1. Government debt

Currently, Kenya’s debt stands at Kshs 6.3 tn comprising of Kshs 3.2 tn in external debt and Kshs 3.1 tn in domestic debt as highlighted in the chart below:

 In the recently approved Supplementary Budget II Estimates for the fiscal year 2019/20, Kenya is scheduled to pay a total of Kshs 253.4 bn comprising of Kshs 121.5 bn in external debt redemptions and Kshs 131.9 bn in external debt interest payments. In the 2018/19 fiscal year, the debt service to export earnings ratio came in at 30.2%, an increase from the 20.0% recorded the previous fiscal year, an indicator of increased pressure on the foreign exchange receipts that are being redirected to service debt. Given the poor performance in the export sector, we expect the debt service to export earnings ratio to continue rising this year due to the underperformance on the denominator side, which will in the essence put more pressure on the forex reserves as the country meets external debt obligations.

  1. Forex Reserves

Kenya’s Forex Reserves have been declining in 2020 so far they have witnessed a 3.4% decline to USD 8.5 bn (5.1-months import cover) in May 2020, from USD 8.8 bn (5.4-months imports cover in January 2020. The decline is due to low inflows amidst increased dollar demand. There shall be continued pressure on the reserves due to low exports of goods and lower diaspora remittances amidst increases in demand for dollars to service Kenya debt and as foreign investors flee to safer havens.

On the positive side, the IMF recently disbursed Kshs 78.7 bn (USD 739.0 mn) to help the country address the impact of Coronavirus pandemic. These funds will be used to provide budget-financing needs and allow the government to maintain an adequate level of foreign reserves to support the economy as well as cover the balance of payment gaps. Despite this, we still expect forex reserves to continue declining with our sentiments being on the back of (i) reduced diaspora remittances, (ii) continued investor capital outflows in the money market, and (iii) increased foreign debt repayments.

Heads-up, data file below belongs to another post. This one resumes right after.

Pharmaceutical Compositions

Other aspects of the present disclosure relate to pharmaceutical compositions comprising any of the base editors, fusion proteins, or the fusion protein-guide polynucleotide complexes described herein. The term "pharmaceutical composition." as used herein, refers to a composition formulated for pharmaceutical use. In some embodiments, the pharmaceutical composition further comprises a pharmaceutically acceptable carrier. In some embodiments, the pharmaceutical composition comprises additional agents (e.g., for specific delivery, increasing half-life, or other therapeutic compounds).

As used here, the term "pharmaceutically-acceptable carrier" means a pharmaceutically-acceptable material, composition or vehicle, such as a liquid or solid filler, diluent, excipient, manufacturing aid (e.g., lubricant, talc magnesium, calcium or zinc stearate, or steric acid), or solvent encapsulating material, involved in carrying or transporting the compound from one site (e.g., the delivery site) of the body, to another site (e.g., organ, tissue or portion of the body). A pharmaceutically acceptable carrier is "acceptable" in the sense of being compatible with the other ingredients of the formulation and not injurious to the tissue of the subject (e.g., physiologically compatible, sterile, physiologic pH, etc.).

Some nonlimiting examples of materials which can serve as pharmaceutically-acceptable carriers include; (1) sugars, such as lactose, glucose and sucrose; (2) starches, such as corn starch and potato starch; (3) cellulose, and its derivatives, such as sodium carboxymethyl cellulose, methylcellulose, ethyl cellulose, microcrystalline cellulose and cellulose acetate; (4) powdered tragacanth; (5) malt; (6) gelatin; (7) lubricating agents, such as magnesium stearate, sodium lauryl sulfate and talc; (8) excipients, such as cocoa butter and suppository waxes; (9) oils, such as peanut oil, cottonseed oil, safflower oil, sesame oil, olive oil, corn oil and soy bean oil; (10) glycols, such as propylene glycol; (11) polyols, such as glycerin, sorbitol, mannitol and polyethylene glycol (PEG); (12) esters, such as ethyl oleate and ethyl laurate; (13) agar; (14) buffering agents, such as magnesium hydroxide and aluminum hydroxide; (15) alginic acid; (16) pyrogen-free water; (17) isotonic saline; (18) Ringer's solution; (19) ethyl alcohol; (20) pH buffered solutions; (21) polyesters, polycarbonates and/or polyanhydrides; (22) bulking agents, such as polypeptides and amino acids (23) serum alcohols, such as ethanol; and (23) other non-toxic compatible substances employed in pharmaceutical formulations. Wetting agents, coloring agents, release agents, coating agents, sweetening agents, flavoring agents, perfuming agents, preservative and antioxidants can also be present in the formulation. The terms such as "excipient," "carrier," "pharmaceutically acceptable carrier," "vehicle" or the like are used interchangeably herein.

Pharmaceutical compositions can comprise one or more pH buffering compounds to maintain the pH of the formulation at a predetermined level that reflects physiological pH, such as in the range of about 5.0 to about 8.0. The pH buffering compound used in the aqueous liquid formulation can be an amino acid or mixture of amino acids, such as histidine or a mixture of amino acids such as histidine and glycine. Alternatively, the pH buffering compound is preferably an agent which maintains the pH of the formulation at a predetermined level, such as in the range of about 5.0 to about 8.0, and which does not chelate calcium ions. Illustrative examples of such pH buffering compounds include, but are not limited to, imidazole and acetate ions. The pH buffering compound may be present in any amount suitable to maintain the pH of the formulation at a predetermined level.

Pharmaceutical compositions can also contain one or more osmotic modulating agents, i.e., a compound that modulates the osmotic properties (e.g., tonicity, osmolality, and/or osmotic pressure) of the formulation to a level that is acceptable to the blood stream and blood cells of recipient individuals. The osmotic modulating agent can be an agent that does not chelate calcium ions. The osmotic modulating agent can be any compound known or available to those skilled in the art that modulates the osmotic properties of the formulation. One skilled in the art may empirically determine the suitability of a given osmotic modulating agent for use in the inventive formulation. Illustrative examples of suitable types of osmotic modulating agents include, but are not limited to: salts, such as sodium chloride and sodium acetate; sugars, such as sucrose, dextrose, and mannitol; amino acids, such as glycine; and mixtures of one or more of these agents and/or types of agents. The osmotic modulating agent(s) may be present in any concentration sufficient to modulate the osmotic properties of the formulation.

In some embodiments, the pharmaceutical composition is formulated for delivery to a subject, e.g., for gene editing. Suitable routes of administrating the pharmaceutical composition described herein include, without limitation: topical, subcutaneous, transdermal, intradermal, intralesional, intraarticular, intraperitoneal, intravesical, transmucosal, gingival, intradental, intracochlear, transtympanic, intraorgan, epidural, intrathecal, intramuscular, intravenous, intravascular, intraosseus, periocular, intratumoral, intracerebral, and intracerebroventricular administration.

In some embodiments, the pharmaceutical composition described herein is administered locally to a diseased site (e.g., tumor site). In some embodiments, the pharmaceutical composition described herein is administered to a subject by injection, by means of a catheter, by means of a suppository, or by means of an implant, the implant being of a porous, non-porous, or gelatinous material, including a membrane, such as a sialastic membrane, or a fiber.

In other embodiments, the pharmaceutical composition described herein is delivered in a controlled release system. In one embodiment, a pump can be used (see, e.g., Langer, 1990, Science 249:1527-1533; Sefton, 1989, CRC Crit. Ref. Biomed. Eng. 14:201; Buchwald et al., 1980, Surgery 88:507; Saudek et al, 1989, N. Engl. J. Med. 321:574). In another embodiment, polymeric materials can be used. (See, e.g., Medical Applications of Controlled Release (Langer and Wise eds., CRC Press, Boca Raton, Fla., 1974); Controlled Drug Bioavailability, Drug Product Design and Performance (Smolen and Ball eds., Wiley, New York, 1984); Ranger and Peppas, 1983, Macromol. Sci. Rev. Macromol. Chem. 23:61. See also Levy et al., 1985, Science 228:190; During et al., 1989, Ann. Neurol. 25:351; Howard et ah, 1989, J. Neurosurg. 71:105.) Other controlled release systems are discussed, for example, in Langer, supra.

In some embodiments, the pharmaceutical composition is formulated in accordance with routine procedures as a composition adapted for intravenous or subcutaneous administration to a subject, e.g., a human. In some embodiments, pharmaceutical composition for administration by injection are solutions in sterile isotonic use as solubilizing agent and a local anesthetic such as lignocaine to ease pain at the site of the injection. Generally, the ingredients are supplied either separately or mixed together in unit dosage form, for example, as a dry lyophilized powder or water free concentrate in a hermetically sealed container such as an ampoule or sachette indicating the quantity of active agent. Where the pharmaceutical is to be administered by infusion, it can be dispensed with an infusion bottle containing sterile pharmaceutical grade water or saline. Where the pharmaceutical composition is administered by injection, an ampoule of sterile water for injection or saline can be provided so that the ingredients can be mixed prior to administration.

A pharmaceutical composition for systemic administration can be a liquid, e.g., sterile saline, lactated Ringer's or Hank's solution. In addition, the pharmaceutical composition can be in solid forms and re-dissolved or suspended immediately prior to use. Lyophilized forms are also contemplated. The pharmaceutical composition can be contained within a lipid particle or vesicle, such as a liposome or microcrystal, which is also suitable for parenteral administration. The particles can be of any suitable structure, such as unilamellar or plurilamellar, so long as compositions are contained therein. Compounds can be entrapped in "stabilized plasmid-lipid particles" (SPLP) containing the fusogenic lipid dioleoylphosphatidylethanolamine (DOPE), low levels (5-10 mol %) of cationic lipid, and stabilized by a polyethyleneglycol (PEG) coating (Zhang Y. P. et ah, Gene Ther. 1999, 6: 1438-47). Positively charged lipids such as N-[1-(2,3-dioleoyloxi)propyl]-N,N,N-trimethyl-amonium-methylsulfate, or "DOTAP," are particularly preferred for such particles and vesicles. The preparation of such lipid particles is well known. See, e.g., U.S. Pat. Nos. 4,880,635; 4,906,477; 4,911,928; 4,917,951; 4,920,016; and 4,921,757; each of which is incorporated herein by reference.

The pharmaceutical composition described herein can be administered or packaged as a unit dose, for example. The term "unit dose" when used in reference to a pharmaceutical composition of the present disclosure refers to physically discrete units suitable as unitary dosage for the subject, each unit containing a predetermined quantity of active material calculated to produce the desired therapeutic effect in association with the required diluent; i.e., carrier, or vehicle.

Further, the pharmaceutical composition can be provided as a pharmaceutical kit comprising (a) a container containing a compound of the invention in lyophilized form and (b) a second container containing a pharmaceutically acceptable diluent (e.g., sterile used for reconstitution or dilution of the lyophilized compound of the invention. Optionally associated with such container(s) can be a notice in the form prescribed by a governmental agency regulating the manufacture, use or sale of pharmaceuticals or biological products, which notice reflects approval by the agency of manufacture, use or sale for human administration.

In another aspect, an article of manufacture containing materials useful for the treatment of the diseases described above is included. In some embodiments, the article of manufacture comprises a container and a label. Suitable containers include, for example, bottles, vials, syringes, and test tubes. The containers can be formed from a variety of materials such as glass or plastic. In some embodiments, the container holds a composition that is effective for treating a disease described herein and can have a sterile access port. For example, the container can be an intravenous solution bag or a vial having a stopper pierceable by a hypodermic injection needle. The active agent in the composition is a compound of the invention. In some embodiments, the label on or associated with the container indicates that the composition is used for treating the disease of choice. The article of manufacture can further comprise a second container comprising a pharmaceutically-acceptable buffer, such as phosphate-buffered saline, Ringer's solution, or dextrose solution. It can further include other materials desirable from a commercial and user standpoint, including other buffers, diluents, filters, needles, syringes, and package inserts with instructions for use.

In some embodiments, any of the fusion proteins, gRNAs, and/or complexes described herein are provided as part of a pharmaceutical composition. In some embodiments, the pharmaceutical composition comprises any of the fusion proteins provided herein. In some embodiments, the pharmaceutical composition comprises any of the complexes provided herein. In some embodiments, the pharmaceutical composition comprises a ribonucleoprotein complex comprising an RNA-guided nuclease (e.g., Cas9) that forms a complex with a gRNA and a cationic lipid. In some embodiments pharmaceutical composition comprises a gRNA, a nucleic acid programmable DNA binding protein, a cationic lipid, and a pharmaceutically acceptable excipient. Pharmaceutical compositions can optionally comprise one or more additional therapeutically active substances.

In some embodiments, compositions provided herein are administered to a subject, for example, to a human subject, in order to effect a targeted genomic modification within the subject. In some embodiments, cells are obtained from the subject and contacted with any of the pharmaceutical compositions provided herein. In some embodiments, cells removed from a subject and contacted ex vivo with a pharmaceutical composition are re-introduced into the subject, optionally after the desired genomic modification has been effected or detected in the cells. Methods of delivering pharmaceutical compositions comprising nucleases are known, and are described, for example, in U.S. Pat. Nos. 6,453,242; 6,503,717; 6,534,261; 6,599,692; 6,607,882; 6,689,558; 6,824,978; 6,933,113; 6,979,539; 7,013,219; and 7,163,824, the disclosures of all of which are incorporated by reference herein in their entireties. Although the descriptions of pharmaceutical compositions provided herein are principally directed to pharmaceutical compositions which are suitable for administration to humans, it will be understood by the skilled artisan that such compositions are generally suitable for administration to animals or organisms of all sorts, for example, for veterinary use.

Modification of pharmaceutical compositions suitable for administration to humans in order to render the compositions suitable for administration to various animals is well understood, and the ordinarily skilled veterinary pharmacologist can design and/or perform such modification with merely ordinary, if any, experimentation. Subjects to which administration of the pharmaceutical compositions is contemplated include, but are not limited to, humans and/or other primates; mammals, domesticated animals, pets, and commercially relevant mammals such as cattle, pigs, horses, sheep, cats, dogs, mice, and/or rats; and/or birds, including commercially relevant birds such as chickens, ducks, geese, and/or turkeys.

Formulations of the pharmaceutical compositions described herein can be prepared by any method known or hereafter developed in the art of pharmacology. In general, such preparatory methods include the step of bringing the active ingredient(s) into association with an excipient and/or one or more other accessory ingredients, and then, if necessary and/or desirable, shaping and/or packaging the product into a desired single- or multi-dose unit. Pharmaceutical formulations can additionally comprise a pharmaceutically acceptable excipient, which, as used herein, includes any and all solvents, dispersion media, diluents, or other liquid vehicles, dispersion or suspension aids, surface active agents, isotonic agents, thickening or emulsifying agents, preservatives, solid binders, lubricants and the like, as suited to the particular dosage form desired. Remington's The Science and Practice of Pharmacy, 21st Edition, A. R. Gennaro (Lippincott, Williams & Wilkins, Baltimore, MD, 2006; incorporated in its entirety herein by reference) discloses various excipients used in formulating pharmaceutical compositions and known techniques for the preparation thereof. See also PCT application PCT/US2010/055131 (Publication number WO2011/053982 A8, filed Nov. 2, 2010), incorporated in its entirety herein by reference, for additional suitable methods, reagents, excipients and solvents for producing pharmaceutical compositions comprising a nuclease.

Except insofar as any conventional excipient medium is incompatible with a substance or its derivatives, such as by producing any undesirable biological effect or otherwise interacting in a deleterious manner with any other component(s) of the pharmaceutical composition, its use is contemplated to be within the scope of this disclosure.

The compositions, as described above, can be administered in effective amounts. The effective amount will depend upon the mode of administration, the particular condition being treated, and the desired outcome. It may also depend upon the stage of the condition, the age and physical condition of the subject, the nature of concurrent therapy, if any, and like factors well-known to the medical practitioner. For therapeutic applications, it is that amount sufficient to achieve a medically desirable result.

1. Monetary Policy

Central Banks play an instrumental role in determining price stability and economic growth of a country. Depending on the economic cycle, Central Banks can either adopt an accommodative or a tight monetary policy. Given the current economic environment that has greatly been affected by the Coronavirus pandemic, the MPC implemented an accommodative policy by lowering the CBR by 25 bps to 7.00% from 7.25%. As a result, domestic investment activities will decline as Kenya’s financial and capital assets become less appealing to investors on account of their lower real rate of return. Consequently, the shilling will continue to depreciate as the demand for the dollar increases. We do not expect the CBK to increase the rates as the Central Bank is mainly focused on reviving the economy. Given that the Inflation rates have remained within the government’s target of 2.5% - 7.5% supported by the lower fuel prices and favorable weather conditions, the Central Bank will not be under pressure to increase the rates on this front, and as such, the shilling will continue to weaken.




Effect on the currency

Balance of Payments

  • The continued decline in the export sector attributable to low demand for Kenyan exports brought about by the Coronavirus pandemic will see the current account deficit continue to widen. This will, in turn, exert pressure on the Kenyan shilling to depreciate


Government Debt

  • The 12.0% increase in the government debt will continue to widen the fiscal deficit, making it hard for the government to access foreign debt as investors attach a high-risk premium on the country. Kenya’s foreign debt currently stands at Kshs 3.2tn with the debt to service ratio coming in at 45.2% in 2019, a ratio above the 30.0% recommended threshold.
  • The high debt burden will continue to expose the shilling to exchange rate shocks and will, in turn, emanate pressure on the shilling to weaken during the repayment period


Forex Reserves

  • In our view, despite the Kshs 78.8 bn credit facility from the IMF that intends to boost our forex reserves, the adverse effects of the Coronavirus that has reduced economic activities, increased cost of imports and the further reduction in diaspora remittance will exert pressure on the shilling and in turn, cause a depreciation


Monetary Policy